By: K. Levek
It was a packed room inside of Old Congress Heights School, where “Mayor for Life” and Ward 8 Councilmember Marion Barry held his book signing for his autobiographical book, ‘Mayor for Life: The Incredible Story of Marion Barry, Jr.’ The book signing was sponsored by the Ward-8 based Washington Informer, who is celebrating 50 years in the newspaper industry. The paper’ publisher and editor, Denise Rolark Barnes moderated the conversation with Barry as he spoke about his life and career.
The event, which lasted nearly three hours, showcased various billboards throughout the room with pictures of Barry throughout his career and a video presentation was also presented at the beginning of the program. The publisher of Barry’s book, Zane, a famed author best known for her book, Addicted, was at the book signing along with the black-owned Strebor Books, who was the publishing house. New York Times best selling author Omar Tyree helped Barry co-write and contribute to the book.
The four-term mayor of Washington, DC, Barry spoke about his highs and lows in political life along with his humble upbringing in Mississippi. When asked by Rolark how he rose from a poor background to become a great academic and politician, Barry said he got his zeal for education at a young age. He recalled how he was valedictorian of his elementary school, which a 1-room schoolhouse during segregation. After graduating from Lemonye Owen College in Memphis, TN he went on to graduate school and stopped credits short of obtaining his PhD in Chemistry.
A dedicated public servant Barry came to Washington after joining the Student Nonviolent Coordinating Council (SNCC) while at Fisk University in Nashville, eventually being elected the first chairman of the organization. He said James Ford recruited him to come to D.C. and he was originally tasked with coming to help raise money for the organization and lobby Congress for help, but soon became involved in the city’s bus boycott, a symbol of the Civil Rights Movement.
During the book signing he said his motto has always been “always fighting for the people.” His elected career in Washington, DC, has spanned from 1971 to the present, where he is the current Ward 8 Councilmember.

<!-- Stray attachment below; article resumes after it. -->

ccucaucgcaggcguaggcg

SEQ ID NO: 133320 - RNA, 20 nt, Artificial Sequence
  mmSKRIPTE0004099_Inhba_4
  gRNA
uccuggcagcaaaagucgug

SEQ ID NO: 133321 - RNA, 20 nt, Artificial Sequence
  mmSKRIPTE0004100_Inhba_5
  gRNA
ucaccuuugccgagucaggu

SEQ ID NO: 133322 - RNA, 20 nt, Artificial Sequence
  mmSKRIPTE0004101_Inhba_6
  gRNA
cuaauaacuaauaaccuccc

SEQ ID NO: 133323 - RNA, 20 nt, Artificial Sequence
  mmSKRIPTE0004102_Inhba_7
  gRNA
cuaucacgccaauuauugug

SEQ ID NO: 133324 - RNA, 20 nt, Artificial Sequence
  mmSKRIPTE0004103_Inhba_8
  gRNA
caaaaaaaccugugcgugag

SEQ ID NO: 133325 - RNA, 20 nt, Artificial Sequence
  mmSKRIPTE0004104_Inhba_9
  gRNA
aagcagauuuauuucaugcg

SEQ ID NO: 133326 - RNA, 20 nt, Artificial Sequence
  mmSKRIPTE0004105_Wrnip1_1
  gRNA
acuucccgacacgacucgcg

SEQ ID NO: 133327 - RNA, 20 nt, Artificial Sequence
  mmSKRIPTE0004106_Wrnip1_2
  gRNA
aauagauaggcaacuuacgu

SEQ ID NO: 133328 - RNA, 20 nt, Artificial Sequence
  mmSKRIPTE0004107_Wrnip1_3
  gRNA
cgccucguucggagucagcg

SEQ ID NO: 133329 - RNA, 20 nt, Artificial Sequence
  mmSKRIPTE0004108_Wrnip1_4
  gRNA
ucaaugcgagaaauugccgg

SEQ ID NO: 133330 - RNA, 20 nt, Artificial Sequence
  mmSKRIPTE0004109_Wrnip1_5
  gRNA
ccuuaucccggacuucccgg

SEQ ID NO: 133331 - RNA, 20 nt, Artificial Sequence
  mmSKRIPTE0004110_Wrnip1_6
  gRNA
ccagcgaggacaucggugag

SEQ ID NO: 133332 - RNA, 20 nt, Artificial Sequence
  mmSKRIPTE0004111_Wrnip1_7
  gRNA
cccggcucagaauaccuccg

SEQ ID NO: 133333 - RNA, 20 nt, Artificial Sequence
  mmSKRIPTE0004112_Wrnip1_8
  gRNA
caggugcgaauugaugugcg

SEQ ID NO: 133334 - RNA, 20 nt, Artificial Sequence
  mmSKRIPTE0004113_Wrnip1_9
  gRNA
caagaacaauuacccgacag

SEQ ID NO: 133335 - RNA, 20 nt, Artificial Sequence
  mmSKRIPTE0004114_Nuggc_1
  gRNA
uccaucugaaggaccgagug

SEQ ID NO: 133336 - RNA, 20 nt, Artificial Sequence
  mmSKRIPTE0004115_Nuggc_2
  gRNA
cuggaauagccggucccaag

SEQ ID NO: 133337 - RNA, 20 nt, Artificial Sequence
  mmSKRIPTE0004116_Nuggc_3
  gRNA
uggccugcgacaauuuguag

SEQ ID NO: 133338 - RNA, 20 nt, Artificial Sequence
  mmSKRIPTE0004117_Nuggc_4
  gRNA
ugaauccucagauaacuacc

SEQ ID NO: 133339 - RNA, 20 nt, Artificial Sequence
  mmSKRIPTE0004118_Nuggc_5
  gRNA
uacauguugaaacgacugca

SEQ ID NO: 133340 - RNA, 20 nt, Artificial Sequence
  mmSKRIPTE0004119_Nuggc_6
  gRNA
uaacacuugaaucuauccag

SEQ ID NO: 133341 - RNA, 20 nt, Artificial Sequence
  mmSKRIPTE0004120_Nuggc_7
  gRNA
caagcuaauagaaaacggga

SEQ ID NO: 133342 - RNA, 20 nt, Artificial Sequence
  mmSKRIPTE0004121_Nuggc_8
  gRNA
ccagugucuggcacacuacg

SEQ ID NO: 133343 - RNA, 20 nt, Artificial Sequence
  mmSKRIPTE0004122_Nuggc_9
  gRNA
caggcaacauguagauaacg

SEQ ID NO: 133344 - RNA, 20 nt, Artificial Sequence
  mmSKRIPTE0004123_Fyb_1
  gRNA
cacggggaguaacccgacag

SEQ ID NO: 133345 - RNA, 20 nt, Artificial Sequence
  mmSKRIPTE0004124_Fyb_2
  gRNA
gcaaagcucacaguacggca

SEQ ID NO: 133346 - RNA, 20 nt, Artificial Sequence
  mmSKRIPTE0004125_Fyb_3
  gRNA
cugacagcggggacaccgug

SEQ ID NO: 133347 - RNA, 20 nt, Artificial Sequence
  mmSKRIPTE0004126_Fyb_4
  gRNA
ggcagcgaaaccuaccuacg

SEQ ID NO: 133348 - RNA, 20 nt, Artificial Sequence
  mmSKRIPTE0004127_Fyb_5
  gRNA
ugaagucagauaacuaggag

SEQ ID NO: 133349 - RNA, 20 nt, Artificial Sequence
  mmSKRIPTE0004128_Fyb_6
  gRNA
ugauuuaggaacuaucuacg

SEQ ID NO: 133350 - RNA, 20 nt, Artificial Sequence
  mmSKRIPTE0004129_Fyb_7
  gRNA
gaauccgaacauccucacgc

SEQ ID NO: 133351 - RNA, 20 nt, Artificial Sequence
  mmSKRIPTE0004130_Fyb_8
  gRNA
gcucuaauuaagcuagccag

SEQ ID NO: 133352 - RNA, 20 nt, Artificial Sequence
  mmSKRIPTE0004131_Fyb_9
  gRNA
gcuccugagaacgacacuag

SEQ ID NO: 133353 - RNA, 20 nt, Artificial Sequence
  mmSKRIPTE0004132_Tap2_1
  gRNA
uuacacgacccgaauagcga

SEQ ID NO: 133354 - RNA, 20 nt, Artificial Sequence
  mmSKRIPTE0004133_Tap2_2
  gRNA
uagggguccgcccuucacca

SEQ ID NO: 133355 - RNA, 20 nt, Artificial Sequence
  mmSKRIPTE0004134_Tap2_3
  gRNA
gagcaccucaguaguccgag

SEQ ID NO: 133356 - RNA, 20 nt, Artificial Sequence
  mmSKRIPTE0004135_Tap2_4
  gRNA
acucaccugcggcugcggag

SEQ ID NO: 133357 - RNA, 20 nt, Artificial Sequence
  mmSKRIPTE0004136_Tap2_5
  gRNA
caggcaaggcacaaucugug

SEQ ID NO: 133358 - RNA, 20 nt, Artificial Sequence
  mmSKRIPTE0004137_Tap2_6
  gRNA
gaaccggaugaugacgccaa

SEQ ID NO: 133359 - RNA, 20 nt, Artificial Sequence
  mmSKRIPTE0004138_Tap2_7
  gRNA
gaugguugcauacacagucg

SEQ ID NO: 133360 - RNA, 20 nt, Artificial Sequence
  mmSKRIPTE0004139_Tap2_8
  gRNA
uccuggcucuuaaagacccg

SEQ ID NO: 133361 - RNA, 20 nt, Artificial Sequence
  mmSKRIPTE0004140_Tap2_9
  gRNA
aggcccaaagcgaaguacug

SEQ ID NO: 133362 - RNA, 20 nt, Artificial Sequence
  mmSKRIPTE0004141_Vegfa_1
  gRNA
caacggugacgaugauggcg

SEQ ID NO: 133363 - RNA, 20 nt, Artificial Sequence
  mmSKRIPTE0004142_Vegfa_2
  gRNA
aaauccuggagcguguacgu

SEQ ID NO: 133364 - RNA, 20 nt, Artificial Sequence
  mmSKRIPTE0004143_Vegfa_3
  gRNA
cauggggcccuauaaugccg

He also spoke about the people who have been dear friends to him along his journey, particularly his estranged wife Cora Masters Barry. During the event he said, “She’s a strong black woman” and spoke about how he would not have made it without her, saying, “you have been my rock.” While he acknowledged that they are happily separated he did say that she has been one of his best friends for over 50 years, to which she responded from the crowd ‘I love you too.’
Barry acknowledged another friend in the audience, Phinis Jones, who developed and owns Old Congress Heights School, where the event was held. He said he was happy to host his book signing in a building that was developed by a Black developer. Jones said that he was honored that Barry held the event there because it “showcased Black talent in the ward.” Barry further went on to thank Industrial Bank for being a solid Black-owned financial institution that was willing to help black businesses when he was mayor.
During the event Rolark asked if there were members of the Barry administration present to stand and be acknowledged. As many rose out of their seats Barry reflected that he was thankful for their attendance and acknowledged that while mayor he had many women who were heads of various agencies and did so during a time when women were not being put in charge. Rolark also asked for summer job recipients to stand, which was one of Barry’s flagship programs, which was instituted under his leadership. The summer youth program allowed many District residents to gain their first entre into federal and local government.
As Rolark continued to probe Barry for questions about his book, he urged her along with the audience to “buy it” so you can get a first hand account of his life’s story.